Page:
How is conflict understood, organized and mediated through different art forms? How does conflict affect cultural production and discourses of war and conflict? How may cultural expressions prevent, mitigate and end violent conflict? And what inspirations and responsibilities do artists have in these processes?
Diala Brisly is a Syrian artist. Her career began as a cartoonist and gradually expanded into other art forms, including animation, painting, conceptual art, illustration, comic books and murals. At the outset of the Syrian conflict in 2011, Diala participated artistically in social campaigns and projects focused on social justice, freedom, and human rights. Her artwork on the Adra Women’s Prison hunger strike campaign helped secure the release of 23 prisoners. Currently, Diala’s work focuses on drawing attention to the educational situation of Syrian kids, and refugees in general. Since 2014, she has painted murals and initiated art workshops with Syrian children in refugee camps. She also works on several projects related to refugee camp sanitation and women’s empowerment.
Kjetil Selvik is a Senior Researcher at the Norwegian Institute of International Affairs (NUPI). He holds a PhD in political science from Sciences Po in Paris and specializes in comparative politics in the Middle East. He is currently working on the project Societal Transformation in Conflict Contexts, which studies the small but often heroic everyday acts of common people who attempt to challenge dehumanizing trends of exclusion and abuse in violent conflict and civil war in Syria, Somalia and Myanmar. He also leads a research project on Journalism in Struggles for Democracy: Media and Polarization in the Middle East.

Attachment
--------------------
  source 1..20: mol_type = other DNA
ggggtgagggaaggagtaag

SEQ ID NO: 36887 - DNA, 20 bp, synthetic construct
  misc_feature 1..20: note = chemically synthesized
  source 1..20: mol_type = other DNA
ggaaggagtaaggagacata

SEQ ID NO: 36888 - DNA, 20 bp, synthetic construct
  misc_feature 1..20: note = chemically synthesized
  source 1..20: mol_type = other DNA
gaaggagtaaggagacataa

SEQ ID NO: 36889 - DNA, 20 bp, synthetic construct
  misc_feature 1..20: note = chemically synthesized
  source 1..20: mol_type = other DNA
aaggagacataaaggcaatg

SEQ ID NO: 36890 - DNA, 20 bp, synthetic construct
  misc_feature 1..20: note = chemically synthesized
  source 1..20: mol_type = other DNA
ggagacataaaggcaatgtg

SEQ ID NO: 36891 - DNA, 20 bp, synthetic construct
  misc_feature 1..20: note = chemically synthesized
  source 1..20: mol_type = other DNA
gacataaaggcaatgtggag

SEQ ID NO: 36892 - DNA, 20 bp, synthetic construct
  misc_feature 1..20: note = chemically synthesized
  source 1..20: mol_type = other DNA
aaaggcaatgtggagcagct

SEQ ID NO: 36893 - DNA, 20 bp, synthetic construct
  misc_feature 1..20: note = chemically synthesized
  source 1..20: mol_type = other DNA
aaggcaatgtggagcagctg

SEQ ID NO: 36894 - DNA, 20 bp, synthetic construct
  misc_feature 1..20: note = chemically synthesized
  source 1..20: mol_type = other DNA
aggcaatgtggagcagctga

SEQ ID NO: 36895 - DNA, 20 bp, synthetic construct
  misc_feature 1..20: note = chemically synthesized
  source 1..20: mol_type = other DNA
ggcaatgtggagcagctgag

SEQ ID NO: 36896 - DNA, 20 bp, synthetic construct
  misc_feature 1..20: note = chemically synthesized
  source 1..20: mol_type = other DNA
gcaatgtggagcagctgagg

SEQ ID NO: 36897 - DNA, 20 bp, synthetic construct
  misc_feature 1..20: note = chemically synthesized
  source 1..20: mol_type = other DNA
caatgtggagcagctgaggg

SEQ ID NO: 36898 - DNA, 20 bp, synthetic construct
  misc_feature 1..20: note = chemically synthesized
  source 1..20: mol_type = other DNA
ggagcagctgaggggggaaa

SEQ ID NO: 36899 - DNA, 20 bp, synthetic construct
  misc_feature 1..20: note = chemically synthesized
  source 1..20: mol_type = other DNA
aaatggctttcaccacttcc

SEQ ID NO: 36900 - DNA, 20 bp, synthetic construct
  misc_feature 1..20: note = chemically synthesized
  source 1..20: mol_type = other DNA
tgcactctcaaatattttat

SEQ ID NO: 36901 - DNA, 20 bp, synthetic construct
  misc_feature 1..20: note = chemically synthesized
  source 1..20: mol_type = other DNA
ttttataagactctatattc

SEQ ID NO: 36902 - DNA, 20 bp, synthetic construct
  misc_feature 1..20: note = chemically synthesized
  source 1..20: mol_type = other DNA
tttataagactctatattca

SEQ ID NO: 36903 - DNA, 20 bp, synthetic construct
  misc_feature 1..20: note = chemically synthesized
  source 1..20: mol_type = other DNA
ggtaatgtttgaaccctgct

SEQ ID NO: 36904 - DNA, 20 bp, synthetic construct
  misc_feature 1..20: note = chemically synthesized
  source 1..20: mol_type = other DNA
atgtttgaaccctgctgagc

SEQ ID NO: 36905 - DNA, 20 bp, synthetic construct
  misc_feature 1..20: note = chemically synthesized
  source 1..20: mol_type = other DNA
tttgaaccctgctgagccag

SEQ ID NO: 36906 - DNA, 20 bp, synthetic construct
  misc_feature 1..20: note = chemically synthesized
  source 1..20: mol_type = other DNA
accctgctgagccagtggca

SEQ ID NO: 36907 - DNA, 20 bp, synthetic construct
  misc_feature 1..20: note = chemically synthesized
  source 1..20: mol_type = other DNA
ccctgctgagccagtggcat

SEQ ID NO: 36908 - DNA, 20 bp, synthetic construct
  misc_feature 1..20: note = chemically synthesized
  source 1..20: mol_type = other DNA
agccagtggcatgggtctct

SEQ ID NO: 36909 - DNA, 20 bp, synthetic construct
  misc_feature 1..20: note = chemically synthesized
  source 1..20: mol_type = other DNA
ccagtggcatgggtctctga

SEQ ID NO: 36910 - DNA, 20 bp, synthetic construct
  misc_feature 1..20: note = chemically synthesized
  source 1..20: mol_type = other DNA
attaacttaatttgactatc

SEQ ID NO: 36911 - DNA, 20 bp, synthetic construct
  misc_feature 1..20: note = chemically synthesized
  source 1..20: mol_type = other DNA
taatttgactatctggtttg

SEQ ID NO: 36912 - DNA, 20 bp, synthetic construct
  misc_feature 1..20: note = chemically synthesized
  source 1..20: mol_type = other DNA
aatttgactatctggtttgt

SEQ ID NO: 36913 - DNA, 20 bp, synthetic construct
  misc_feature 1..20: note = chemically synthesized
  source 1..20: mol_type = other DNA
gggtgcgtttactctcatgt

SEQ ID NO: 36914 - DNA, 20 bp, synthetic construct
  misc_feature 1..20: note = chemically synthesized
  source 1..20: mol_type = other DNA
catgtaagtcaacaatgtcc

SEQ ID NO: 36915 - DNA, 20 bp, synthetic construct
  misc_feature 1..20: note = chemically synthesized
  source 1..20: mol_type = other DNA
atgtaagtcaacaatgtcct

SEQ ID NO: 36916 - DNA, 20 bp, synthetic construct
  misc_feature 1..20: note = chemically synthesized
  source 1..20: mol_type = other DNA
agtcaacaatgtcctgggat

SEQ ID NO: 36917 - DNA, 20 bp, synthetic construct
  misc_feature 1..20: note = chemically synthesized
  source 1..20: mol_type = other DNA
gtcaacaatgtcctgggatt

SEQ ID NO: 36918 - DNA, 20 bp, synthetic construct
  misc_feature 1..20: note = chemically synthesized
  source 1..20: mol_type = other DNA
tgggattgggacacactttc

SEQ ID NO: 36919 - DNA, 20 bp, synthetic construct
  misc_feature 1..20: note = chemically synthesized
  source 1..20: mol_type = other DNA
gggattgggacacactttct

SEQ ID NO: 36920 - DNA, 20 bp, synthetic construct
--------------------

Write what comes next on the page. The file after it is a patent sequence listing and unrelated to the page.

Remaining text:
Cindy Horst is a Research Director and Research Professor in Migration and Refugee Studies at the Peace Research Institute Oslo (PRIO). Her research focuses on the migration-development nexus, including diaspora engagement with regions of origin and the transnational activities of refugees. She also researches how individuals can challenge the status quo and effect societal change in post-conflict settings.
This event is part of the Art, Peace and Conflict: Conversations with Artists seminar series organized by the PRIO Centre on Culture and Violent Conflict. Conflict is constructed, understood, justified, organized and mediated through culture. In order to defuse and prevent conflicts, we need to understand how people imbue them with meaning. The seminar series aims to explore the role of art in this meaning-making process at different phases of conflict and war. The seminars consist of conversations between artists and academics, as well as the artists presenting from their work.